Shelby County Schools on Wednesday starts the arduous process of cutting another $25 million from its $1.5 billion budget.
In the coming months, the board will decide what services, employees and facilities to cut.
The beleaguered district is trying to offset decreased funding levels due to the loss of several thousand students to charter schools and six new suburban municipal school districts. Local property tax revenue also has slumped in recent years under the weight of the recent recession.
During a planned three-hour retreat with school board members on Wednesday, district administrators will present their proposal for what to cut and why. The budget eventually must be approved by both the board and the Shelby County Commission which – based on student population – splits revenue among the county’s largest district and the six smaller school systems.
Included in the budget plan will be a dramatic shift in how the district compensates its 7,000 teachers. In prior years, teachers have been awarded based on years of service and number of academic degrees. Administrators have proposed a new compensation plan in which teacher pay is tied partly to their performance in the classroom. The plan also reflects the closure of two schools and enrollment shifts at three other schools.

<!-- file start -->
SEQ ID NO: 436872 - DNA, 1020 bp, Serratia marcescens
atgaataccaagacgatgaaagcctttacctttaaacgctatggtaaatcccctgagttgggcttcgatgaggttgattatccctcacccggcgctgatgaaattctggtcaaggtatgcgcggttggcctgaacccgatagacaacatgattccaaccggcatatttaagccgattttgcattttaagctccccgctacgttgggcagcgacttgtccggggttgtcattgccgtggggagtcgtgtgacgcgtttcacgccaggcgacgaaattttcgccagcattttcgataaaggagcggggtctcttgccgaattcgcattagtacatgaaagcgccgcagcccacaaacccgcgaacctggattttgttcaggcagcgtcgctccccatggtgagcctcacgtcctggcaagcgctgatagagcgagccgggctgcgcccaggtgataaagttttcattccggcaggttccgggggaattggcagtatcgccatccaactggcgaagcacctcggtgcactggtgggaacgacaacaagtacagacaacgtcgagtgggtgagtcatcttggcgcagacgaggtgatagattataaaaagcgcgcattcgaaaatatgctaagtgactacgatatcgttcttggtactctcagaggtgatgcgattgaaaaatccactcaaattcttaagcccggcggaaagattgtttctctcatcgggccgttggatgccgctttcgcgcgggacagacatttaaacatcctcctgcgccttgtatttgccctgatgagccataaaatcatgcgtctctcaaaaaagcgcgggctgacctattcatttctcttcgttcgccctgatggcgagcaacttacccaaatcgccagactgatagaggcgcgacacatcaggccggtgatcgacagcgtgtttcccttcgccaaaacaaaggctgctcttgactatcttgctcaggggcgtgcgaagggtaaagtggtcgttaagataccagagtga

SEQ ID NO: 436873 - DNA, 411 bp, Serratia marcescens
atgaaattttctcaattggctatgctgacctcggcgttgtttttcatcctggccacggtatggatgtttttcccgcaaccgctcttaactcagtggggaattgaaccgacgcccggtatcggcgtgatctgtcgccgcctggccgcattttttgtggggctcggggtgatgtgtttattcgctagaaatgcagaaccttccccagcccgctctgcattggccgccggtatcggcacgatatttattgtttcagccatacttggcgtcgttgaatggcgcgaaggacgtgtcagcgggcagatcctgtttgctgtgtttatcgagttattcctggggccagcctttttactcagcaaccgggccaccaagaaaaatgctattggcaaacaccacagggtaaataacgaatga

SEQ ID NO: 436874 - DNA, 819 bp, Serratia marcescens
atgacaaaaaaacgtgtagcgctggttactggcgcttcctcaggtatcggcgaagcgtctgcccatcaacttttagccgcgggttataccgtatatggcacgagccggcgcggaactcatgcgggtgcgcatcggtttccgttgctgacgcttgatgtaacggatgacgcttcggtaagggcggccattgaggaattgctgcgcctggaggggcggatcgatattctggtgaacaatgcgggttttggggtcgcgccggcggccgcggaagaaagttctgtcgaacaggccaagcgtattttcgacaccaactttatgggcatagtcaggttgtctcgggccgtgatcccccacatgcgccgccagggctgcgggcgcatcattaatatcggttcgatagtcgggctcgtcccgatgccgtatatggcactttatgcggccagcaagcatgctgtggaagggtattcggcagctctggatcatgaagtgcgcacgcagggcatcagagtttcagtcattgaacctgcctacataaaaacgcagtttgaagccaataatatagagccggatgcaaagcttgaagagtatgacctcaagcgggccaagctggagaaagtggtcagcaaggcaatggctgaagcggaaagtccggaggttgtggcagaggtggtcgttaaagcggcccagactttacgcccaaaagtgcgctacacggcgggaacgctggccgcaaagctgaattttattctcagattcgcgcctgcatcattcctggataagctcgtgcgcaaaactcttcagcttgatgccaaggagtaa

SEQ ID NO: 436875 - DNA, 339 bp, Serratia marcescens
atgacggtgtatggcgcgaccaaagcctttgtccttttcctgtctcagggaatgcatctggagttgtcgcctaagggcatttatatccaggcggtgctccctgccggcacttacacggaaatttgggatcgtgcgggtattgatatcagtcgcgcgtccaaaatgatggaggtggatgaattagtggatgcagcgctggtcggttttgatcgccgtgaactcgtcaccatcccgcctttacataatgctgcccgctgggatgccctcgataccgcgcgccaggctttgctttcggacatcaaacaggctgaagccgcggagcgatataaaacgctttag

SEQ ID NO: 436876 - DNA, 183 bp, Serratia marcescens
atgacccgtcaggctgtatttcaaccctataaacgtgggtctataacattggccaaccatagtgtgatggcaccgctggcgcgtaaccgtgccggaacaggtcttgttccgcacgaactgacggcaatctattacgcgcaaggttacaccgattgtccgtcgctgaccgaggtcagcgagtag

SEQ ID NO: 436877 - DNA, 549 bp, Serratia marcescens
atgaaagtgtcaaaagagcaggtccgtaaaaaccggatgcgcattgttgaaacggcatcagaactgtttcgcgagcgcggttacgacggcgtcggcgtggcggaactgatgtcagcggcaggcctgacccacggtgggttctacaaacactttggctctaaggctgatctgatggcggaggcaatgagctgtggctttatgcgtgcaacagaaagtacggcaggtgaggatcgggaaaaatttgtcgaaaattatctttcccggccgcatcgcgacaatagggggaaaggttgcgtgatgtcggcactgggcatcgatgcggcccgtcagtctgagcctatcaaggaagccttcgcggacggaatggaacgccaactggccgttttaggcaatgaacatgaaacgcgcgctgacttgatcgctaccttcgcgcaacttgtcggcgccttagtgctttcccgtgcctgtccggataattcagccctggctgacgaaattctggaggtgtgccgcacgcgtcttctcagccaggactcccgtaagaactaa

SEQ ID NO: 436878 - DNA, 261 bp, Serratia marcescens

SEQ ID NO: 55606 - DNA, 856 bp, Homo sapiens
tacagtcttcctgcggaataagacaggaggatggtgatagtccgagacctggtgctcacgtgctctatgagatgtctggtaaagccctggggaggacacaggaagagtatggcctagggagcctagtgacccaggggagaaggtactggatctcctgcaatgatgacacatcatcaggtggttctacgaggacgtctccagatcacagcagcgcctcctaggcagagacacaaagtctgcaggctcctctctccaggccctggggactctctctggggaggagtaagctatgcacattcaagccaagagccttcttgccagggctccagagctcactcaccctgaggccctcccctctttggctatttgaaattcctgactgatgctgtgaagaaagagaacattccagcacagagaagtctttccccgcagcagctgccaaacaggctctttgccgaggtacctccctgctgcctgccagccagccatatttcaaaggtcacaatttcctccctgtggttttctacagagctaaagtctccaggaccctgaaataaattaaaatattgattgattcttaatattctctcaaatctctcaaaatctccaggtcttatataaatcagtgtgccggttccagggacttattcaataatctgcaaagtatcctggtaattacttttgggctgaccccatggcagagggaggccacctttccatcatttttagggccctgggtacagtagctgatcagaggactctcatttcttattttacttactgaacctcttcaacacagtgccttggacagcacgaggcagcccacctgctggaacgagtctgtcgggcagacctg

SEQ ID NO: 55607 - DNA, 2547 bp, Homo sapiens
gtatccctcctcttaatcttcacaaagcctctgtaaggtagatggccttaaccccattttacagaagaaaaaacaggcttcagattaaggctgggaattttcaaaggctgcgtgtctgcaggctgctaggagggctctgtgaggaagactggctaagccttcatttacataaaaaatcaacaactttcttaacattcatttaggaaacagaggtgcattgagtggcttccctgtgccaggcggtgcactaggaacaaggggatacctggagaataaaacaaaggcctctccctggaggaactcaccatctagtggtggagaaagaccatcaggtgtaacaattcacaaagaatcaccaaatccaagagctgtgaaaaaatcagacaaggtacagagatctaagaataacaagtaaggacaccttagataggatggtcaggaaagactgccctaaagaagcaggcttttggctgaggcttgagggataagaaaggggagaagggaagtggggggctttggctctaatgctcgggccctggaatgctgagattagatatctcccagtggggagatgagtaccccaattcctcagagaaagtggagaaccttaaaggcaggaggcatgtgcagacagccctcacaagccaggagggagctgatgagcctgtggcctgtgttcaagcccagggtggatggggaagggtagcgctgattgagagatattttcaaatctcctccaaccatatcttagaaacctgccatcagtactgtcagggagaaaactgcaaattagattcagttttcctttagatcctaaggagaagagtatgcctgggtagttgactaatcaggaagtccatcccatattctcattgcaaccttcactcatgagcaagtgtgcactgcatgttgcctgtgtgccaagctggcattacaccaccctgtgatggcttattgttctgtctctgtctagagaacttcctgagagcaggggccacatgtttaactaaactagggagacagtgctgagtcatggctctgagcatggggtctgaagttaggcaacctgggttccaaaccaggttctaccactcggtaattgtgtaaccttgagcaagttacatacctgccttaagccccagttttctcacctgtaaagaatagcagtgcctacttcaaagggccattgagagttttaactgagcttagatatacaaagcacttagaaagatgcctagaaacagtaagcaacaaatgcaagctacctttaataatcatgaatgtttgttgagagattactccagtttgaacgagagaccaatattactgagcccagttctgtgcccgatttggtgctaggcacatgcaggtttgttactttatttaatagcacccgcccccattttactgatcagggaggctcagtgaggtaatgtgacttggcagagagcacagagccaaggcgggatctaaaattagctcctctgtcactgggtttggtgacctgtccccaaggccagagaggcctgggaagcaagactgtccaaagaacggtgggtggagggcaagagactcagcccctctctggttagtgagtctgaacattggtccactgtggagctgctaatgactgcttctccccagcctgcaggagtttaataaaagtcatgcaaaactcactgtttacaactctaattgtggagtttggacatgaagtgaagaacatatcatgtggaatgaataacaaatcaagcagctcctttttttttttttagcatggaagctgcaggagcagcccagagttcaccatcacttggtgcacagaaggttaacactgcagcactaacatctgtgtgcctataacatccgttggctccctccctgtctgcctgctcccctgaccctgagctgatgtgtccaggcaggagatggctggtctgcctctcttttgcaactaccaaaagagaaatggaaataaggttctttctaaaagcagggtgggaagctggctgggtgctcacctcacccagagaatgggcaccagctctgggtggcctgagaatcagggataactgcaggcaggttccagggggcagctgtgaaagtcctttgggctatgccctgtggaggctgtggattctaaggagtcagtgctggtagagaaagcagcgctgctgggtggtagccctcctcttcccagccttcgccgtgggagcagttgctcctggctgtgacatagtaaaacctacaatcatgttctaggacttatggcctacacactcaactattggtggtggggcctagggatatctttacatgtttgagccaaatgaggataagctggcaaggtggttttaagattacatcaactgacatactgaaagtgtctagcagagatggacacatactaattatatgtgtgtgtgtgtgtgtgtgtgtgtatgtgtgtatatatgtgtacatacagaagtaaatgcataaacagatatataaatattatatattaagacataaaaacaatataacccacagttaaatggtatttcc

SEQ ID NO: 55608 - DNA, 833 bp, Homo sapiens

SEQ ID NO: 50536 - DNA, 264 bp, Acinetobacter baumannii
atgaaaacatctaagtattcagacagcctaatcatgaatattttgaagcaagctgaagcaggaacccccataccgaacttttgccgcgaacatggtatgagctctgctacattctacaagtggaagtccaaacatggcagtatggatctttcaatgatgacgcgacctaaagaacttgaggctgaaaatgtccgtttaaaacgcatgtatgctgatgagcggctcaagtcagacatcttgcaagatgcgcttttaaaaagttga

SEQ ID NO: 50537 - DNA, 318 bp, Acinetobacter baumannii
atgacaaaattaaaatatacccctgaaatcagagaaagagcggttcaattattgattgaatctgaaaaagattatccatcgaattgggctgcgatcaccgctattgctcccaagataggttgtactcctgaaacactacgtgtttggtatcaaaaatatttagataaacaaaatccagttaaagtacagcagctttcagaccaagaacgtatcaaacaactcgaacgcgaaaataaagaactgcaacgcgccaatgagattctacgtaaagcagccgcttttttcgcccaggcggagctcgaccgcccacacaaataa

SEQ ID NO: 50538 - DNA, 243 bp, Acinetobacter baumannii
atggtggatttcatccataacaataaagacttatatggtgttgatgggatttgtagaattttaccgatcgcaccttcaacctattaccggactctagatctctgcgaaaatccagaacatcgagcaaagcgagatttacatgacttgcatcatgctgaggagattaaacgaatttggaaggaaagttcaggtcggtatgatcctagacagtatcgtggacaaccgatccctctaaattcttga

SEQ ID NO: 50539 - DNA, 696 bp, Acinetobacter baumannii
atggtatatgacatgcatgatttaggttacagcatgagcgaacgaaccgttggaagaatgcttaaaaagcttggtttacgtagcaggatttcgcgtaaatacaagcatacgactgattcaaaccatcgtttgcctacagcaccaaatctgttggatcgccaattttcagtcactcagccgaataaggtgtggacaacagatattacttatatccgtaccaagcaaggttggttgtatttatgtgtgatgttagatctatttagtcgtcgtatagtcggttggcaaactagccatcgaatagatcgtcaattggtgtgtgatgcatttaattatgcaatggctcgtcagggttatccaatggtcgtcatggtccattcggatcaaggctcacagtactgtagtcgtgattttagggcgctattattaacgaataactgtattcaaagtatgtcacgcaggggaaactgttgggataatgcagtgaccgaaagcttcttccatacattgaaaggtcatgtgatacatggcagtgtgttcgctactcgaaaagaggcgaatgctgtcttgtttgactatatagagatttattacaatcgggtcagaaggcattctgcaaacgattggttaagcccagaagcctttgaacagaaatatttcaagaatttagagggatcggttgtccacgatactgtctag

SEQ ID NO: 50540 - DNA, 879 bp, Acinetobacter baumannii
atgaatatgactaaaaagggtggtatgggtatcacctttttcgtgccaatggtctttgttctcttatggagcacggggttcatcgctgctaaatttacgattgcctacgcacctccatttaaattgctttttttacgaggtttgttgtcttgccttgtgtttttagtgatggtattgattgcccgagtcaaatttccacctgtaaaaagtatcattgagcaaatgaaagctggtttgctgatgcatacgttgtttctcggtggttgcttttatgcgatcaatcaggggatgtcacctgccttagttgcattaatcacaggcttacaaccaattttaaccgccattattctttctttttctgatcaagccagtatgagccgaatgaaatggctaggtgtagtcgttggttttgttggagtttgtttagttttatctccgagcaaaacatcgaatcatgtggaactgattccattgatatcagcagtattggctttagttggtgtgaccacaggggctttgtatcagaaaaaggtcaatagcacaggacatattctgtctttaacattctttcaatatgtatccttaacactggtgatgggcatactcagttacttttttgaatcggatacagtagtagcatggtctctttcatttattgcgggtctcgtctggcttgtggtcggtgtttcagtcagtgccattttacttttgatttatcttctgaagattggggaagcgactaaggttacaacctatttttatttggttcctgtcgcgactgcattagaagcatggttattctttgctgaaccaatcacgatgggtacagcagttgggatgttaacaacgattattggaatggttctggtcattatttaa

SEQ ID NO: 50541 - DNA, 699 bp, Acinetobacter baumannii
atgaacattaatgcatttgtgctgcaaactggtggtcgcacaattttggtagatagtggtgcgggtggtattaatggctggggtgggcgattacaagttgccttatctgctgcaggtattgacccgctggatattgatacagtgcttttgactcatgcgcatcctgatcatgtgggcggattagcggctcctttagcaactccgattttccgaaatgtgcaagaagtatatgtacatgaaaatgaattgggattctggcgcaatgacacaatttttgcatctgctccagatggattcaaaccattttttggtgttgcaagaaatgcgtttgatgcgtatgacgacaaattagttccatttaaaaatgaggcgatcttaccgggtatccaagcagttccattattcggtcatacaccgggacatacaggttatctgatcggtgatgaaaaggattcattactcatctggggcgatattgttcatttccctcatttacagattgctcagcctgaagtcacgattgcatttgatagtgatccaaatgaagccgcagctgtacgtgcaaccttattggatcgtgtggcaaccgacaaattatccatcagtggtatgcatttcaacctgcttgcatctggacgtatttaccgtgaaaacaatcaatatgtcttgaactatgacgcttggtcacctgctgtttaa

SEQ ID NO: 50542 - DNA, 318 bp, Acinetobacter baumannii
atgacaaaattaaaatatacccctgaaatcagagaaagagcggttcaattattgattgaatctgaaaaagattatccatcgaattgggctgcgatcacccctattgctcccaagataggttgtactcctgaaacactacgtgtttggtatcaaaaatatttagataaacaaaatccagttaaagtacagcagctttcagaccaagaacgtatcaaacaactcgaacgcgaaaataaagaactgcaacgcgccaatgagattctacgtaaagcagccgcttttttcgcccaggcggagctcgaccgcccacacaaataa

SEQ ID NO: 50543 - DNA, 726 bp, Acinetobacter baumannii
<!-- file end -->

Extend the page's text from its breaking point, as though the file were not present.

The 2015-16 budget process begins as the district ends one funding quarrel with local officials and begins another funding quarrel with the state.
In January, the district reached a $41 million settlement with the Memphis City Council over a school funding dispute that began in 2008 before the merger of Memphis City Schools with Shelby County Schools.
In February, the board voted to explore whether to take the state to court for millions of dollars in underfunding over the years. In addition to reviewing the proposed budget on Wednesday, the board is scheduled to vote on hiring an attorney to pursue that matter.
The district spent roughly $11,600 per student in 2013-14 after subtracting debt and capital payments, according to a recent study. The district gets about 38 percent of its revenue from local property and sales taxes, 41 percent from the state, and another 20 percent from the federal government. The rest comes from grants.
The study, conducted by the Pew Charitable Trusts and Education Commission of the States, compared the budget of Philadelphia’s schools with districts of comparable size and demographics. Of the 11 districts studied, Shelby County ranked ninth in student spending.
Contact Daarel Burnette II at email@example.com or (901) 260-3705.
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